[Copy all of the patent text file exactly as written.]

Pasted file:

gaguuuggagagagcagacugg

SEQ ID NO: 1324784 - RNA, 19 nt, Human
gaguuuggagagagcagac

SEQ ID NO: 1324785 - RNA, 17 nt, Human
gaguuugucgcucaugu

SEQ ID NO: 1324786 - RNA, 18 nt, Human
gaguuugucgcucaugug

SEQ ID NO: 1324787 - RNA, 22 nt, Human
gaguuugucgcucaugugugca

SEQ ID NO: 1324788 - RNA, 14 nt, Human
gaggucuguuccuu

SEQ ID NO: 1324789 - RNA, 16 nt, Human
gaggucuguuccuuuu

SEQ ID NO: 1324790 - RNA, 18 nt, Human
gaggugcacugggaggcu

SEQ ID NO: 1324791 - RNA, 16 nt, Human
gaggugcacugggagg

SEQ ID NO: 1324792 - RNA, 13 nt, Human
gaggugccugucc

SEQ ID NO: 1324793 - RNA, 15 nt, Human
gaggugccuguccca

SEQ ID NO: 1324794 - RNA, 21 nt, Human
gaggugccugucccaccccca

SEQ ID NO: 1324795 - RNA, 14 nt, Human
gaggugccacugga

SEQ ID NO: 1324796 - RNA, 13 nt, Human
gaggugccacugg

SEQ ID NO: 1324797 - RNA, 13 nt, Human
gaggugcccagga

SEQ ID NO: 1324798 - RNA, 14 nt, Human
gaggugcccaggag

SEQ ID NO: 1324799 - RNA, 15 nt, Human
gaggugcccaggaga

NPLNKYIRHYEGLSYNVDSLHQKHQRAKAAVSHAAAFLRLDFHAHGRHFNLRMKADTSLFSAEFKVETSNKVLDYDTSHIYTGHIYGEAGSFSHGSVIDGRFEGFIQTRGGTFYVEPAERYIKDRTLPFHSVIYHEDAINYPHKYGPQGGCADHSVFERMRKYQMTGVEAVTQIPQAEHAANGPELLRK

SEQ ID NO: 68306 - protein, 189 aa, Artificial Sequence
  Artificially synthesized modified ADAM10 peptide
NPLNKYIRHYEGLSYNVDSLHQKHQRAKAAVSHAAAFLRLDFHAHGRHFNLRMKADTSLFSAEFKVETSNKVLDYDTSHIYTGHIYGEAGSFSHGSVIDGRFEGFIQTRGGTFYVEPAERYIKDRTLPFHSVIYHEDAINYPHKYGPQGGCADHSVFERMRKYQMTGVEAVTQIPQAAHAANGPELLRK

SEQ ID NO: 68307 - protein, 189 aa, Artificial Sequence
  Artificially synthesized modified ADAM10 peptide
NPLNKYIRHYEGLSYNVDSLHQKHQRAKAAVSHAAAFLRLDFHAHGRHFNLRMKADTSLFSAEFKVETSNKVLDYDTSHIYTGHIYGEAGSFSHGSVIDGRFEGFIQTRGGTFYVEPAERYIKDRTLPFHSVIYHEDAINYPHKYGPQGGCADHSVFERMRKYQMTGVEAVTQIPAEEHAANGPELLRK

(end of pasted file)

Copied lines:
gaguuuggagagagcagacugg

SEQ ID NO: 1324784 - RNA, 19 nt, Human
gaguuuggagagagcagac

SEQ ID NO: 1324785 - RNA, 17 nt, Human
gaguuugucgcucaugu

SEQ ID NO: 1324786 - RNA, 18 nt, Human
gaguuugucgcucaugug

SEQ ID NO: 1324787 - RNA, 22 nt, Human
gaguuugucgcucaugugugca

SEQ ID NO: 1324788 - RNA, 14 nt, Human
gaggucuguuccuu

SEQ ID NO: 1324789 - RNA, 16 nt, Human
gaggucuguuccuuuu

SEQ ID NO: 1324790 - RNA, 18 nt, Human
gaggugcacugggaggcu

SEQ ID NO: 1324791 - RNA, 16 nt, Human
gaggugcacugggagg

SEQ ID NO: 1324792 - RNA, 13 nt, Human
gaggugccugucc

SEQ ID NO: 1324793 - RNA, 15 nt, Human
gaggugccuguccca

SEQ ID NO: 1324794 - RNA, 21 nt, Human
gaggugccugucccaccccca

SEQ ID NO: 1324795 - RNA, 14 nt, Human
gaggugccacugga

SEQ ID NO: 1324796 - RNA, 13 nt, Human
gaggugccacugg

SEQ ID NO: 1324797 - RNA, 13 nt, Human
gaggugcccagga

SEQ ID NO: 1324798 - RNA, 14 nt, Human
gaggugcccaggag

SEQ ID NO: 1324799 - RNA, 15 nt, Human
gaggugcccaggaga

NPLNKYIRHYEGLSYNVDSLHQKHQRAKAAVSHAAAFLRLDFHAHGRHFNLRMKADTSLFSAEFKVETSNKVLDYDTSHIYTGHIYGEAGSFSHGSVIDGRFEGFIQTRGGTFYVEPAERYIKDRTLPFHSVIYHEDAINYPHKYGPQGGCADHSVFERMRKYQMTGVEAVTQIPQAEHAANGPELLRK

SEQ ID NO: 68306 - protein, 189 aa, Artificial Sequence
  Artificially synthesized modified ADAM10 peptide
NPLNKYIRHYEGLSYNVDSLHQKHQRAKAAVSHAAAFLRLDFHAHGRHFNLRMKADTSLFSAEFKVETSNKVLDYDTSHIYTGHIYGEAGSFSHGSVIDGRFEGFIQTRGGTFYVEPAERYIKDRTLPFHSVIYHEDAINYPHKYGPQGGCADHSVFERMRKYQMTGVEAVTQIPQAAHAANGPELLRK

SEQ ID NO: 68307 - protein, 189 aa, Artificial Sequence
  Artificially synthesized modified ADAM10 peptide
NPLNKYIRHYEGLSYNVDSLHQKHQRAKAAVSHAAAFLRLDFHAHGRHFNLRMKADTSLFSAEFKVETSNKVLDYDTSHIYTGHIYGEAGSFSHGSVIDGRFEGFIQTRGGTFYVEPAERYIKDRTLPFHSVIYHEDAINYPHKYGPQGGCADHSVFERMRKYQMTGVEAVTQIPAEEHAANGPELLRK